Insects are a vital part of the omnivorous reptile diet, especially for snakes. It is important to offer a variety of insect species, since not all insects contain the same level of nutritive value. When offered in the proper preparation (gut loaded or dusted), however, insects are an acceptable and healthy source of protein for many reptiles.


Some reptiles, like snakes and crocodiles, are strictly carnivorous and feed on all living animals-invertebrate and vertebrate-appropriate to their size. They open their jaws extra wide to swallow prey whole, fur and all, and regurgitate the parts they can’t digest. It is important for herpetoculturists to note that the food preferences and feeding behaviors displayed by these reptiles are often heritable. For example, the common gartersnake has a preference for fish over worms, and this can be inherited.

Herbivorous reptiles (green iguanas, many skinks, box turtles) and some semi-aquatic reptiles (such as mudskippers) require a diet consisting of leafy green vegetables, fruits and insects. A commercial vegetarian diet is an excellent choice for these species. Herbivorous reptiles must also have free-choice access to hay and/or grass.

Carnivorous and omnivorous reptiles can be fed live verebrate prey such as mice, rabbits or rats. However, the risk of injury to the animal or disease transmission from one reptile to another is too great. Live prey should be offered only after a reptile has been conditioned to accept it.

Reptiles that are unable to accept live prey should be fed a high quality, nutritionally complete freeze dried food that has had supplements added to it. Supplements should include a source of vitamins A and D and omega fatty acids.


Reptiles like turtles are primarily aquatic. Their bodies are covered in a thick layer of watery skin, and they breathe through the surface with their gills. They can swim by lateral undulations that resemble eels, or they may move their legs in a figure-eight pattern to glide. Some aquatic reptiles also have webbed feet or a shortened tail to aid in locomotion.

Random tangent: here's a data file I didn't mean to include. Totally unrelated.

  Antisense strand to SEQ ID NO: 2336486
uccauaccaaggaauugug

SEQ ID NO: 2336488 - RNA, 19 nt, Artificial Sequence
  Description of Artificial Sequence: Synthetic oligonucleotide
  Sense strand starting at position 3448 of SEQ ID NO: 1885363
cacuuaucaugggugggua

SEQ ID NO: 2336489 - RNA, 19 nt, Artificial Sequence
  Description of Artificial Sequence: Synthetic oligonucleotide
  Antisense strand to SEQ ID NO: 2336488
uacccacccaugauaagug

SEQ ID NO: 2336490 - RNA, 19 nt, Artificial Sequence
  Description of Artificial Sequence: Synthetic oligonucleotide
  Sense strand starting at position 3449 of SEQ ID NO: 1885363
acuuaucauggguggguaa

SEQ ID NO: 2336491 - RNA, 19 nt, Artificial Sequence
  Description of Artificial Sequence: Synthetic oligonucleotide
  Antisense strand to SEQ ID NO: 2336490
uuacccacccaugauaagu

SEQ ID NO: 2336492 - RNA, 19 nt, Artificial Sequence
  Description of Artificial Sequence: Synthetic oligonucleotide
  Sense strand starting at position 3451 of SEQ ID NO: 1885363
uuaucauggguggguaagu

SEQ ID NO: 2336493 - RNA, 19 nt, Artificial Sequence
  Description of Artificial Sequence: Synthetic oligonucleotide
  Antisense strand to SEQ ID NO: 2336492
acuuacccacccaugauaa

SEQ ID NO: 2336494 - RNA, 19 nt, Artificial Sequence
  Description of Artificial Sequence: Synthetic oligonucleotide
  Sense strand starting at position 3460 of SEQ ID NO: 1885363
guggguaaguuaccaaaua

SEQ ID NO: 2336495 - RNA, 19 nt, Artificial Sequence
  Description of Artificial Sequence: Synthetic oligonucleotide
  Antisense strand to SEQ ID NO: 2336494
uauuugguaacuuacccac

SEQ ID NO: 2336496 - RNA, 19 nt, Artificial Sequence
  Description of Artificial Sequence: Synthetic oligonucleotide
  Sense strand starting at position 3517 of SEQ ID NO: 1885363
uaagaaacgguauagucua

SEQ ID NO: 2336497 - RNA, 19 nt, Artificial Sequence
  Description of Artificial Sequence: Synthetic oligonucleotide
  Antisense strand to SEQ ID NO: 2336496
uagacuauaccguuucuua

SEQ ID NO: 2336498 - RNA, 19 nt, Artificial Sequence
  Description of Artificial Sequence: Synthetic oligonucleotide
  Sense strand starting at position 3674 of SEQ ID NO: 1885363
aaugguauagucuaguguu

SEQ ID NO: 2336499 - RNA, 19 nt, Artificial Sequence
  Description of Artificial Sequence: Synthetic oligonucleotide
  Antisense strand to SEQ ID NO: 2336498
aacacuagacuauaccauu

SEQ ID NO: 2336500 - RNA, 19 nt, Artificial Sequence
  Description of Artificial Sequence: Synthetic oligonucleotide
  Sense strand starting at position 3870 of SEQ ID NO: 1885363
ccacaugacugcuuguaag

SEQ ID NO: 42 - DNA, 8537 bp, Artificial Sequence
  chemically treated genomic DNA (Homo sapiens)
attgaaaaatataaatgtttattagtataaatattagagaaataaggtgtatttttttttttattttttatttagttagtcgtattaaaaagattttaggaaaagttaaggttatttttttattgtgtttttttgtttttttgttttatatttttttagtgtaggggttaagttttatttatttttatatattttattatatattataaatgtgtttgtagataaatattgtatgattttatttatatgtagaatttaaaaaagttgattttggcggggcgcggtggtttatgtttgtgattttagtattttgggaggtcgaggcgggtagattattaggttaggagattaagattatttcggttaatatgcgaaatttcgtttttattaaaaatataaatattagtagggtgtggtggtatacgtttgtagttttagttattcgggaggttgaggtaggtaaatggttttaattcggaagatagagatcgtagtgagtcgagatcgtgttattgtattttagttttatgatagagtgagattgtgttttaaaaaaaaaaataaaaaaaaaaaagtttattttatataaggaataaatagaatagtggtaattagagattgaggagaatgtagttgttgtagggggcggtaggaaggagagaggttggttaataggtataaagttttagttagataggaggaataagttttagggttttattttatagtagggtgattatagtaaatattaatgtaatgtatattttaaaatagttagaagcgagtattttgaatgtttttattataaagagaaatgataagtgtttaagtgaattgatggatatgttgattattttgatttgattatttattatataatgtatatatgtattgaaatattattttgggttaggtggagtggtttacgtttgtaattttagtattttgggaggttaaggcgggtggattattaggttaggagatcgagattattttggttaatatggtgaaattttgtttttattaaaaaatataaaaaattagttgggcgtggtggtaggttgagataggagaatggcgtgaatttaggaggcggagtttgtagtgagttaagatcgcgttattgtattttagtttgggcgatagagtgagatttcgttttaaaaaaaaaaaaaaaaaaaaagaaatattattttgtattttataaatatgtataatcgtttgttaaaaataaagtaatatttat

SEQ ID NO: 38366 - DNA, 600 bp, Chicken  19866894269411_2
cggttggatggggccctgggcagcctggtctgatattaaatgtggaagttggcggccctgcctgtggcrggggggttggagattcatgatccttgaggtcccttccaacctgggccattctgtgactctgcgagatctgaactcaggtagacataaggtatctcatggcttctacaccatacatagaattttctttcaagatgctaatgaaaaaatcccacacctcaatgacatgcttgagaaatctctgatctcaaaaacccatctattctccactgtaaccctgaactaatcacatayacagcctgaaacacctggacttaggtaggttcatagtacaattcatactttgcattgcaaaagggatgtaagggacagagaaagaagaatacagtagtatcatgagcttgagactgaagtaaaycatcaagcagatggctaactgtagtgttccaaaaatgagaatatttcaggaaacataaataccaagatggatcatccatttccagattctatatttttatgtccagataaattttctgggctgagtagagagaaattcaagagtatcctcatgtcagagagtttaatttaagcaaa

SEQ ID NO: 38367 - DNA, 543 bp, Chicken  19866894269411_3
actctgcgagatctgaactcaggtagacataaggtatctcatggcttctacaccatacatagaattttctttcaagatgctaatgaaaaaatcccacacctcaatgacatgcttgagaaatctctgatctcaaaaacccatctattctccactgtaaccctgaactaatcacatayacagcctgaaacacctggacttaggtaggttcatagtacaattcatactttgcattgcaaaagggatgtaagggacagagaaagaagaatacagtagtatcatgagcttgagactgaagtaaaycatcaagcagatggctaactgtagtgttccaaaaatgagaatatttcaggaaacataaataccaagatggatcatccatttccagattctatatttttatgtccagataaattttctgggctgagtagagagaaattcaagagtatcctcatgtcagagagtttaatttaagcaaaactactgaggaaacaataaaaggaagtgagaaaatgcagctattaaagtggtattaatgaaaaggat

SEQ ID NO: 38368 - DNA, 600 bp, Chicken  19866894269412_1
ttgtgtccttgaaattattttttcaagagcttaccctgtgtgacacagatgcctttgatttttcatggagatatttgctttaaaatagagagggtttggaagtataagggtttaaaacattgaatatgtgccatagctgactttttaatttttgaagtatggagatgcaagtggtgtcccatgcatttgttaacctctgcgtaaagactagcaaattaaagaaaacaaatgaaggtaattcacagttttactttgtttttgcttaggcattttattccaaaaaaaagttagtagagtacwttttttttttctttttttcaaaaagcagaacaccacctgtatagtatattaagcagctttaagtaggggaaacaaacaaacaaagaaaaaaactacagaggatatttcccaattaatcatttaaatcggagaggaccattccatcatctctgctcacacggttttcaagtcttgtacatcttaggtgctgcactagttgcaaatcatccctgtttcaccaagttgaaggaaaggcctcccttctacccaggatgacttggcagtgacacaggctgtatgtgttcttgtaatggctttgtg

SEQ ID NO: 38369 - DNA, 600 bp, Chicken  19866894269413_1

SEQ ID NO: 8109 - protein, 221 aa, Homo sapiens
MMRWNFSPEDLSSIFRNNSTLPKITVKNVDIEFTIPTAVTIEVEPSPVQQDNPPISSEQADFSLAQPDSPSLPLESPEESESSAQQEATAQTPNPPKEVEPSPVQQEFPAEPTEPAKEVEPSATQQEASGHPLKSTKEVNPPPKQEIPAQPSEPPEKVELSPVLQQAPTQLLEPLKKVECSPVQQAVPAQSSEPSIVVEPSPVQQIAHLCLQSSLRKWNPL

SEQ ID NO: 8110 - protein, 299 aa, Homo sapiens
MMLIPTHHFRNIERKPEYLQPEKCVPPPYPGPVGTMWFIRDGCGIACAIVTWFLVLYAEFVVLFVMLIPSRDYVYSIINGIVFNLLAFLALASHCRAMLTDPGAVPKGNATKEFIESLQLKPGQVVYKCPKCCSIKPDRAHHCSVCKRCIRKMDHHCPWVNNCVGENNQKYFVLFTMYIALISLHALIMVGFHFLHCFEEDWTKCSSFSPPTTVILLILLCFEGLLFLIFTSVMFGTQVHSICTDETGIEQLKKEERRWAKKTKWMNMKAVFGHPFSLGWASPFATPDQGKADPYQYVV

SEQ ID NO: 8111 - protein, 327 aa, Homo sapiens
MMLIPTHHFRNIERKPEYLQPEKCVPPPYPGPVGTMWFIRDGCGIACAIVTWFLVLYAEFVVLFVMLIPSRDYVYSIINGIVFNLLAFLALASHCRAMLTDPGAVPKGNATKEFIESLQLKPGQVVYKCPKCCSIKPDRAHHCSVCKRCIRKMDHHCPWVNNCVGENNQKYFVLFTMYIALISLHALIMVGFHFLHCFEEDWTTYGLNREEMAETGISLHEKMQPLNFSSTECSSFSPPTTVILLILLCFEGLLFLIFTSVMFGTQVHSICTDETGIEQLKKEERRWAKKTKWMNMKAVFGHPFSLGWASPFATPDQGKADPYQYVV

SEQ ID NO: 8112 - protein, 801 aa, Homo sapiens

These reptiles need to eat a rich mix of animal and plant proteins, vitamins, minerals and calcium. Insufficient or unbalanced diets can lead to dehydration, skeletal disease and a host of other problems. Most aquatic turtles are omnivorous, but some species are carnivorous. Eating a rich, nutrient-dense diet like Healthy Herp Aquatic Turtle Diet can help avoid common diseases, including shell disease and squamous metaplasia, and support healthy growth and resistance to stress.

Some reptiles require specialized prey items, such as crustaceans, gastropods or worms. These specialized foods must be available year round and may need to be supplemented with thiamine (vitamin B1) or Vitamin A in captivity. In addition to providing these specialized foods, it is important to make sure the reptiles enclosure has plenty of hiding spots and is kept clean one to six times a week.

All reptiles must have access to a temperature gradient that is essential for behavioral thermoregulation. The lack of a temperature gradient will lead to metabolic bone disease and other adverse health outcomes [45]. Reptiles also need a source of UVB light for behavioral and cellular health. A lack of this irradiation will interfere with the behaviorally regulated production of Vitamin D, and can cause negative emotional states [45].